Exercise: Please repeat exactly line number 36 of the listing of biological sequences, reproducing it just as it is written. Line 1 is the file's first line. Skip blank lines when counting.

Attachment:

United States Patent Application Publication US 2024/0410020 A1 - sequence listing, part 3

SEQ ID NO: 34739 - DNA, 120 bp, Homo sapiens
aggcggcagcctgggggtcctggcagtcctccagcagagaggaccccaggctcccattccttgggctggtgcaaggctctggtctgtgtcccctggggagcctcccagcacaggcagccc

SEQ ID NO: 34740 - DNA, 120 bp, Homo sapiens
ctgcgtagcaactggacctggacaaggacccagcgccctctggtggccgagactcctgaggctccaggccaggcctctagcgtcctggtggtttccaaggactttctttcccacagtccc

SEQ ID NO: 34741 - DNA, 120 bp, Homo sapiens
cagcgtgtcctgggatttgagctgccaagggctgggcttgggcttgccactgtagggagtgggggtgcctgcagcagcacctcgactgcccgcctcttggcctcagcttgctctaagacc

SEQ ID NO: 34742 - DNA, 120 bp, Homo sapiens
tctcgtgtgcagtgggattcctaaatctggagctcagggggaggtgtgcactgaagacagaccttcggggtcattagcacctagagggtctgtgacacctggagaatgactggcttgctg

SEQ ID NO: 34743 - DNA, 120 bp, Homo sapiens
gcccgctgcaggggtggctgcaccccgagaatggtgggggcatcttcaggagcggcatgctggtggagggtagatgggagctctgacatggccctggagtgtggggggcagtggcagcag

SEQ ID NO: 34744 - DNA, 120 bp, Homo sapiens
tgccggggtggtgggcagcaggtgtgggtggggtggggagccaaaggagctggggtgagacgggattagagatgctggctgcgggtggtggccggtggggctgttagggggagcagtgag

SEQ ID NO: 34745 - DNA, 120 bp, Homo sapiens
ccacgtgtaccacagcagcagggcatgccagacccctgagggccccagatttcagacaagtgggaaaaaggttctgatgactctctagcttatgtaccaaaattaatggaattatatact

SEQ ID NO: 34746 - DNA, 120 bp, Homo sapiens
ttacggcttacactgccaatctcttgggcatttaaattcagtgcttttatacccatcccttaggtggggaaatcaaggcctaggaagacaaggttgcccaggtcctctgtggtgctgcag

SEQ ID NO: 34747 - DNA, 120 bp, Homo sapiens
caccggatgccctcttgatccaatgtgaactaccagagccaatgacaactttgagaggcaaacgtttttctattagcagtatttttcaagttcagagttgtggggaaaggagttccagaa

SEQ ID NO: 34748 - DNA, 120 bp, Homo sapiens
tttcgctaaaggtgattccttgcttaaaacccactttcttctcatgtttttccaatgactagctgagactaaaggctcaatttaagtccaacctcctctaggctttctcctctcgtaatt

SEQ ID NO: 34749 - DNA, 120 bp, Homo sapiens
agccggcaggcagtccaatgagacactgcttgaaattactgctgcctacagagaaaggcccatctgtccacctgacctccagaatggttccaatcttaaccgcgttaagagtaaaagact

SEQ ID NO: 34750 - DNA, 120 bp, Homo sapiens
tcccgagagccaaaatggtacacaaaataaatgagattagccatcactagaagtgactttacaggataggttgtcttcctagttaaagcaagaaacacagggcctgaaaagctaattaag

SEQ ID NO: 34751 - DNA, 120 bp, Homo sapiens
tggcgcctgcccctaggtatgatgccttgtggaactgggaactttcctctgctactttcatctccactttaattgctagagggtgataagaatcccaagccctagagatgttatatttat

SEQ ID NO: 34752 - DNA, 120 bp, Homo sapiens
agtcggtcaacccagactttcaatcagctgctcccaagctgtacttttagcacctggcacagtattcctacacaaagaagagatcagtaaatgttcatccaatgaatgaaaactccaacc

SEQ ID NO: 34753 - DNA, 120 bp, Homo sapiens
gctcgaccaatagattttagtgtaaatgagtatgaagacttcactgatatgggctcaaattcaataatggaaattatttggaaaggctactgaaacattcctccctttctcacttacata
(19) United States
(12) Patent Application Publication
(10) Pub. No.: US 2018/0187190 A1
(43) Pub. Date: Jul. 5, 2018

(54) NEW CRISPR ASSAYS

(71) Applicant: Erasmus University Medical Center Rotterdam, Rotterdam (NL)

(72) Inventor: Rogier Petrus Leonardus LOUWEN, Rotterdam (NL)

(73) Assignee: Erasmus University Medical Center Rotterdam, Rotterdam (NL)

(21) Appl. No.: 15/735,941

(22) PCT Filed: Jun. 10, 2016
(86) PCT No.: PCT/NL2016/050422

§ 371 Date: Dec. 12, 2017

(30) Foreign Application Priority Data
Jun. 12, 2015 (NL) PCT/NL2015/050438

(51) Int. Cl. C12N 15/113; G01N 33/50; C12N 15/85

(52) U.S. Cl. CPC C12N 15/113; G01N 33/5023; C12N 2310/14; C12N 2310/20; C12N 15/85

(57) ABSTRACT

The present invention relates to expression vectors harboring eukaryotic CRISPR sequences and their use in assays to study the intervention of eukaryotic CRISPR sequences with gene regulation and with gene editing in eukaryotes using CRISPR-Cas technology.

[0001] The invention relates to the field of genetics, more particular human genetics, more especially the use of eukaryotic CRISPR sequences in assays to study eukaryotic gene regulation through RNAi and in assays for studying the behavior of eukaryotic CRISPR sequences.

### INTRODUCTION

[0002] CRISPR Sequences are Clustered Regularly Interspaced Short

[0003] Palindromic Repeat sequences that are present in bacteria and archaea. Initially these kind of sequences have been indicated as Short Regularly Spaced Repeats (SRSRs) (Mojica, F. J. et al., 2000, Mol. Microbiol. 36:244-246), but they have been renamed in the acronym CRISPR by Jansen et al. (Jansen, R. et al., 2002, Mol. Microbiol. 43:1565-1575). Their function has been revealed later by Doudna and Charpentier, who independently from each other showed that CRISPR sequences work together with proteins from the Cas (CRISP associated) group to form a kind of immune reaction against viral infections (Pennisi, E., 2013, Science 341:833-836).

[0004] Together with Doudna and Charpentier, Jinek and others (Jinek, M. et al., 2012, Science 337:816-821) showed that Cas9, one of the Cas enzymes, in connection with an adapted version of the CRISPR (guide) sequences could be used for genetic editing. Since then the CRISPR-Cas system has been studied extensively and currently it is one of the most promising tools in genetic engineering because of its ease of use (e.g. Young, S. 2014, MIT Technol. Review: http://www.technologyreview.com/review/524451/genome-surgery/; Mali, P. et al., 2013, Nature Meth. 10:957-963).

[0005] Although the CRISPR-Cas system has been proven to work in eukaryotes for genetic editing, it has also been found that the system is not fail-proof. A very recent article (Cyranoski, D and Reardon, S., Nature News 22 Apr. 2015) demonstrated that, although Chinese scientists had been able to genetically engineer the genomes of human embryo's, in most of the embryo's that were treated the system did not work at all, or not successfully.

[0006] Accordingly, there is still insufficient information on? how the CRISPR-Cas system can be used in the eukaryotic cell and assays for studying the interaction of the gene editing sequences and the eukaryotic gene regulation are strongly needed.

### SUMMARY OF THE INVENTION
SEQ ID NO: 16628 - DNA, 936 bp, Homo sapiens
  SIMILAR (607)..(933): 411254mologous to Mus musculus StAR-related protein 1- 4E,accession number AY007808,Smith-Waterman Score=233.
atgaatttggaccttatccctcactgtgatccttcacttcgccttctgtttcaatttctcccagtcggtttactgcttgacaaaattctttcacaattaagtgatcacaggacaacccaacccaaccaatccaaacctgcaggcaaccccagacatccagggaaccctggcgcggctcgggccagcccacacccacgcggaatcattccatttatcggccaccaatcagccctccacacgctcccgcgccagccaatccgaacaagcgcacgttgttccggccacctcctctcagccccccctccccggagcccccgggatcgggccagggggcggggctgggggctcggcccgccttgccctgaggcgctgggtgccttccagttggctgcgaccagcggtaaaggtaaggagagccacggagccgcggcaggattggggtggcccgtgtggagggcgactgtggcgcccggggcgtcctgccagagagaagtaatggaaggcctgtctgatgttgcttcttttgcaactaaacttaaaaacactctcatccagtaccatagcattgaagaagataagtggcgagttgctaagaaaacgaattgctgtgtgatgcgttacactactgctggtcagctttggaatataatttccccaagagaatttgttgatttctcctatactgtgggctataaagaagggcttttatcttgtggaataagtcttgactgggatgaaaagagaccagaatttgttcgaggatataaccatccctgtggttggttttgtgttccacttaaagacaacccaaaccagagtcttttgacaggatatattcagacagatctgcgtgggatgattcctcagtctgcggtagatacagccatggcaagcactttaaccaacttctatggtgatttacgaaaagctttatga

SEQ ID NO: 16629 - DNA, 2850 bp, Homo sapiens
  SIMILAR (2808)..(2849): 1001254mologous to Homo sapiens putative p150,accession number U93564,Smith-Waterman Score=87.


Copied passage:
(54) NEW CRISPR ASSAYS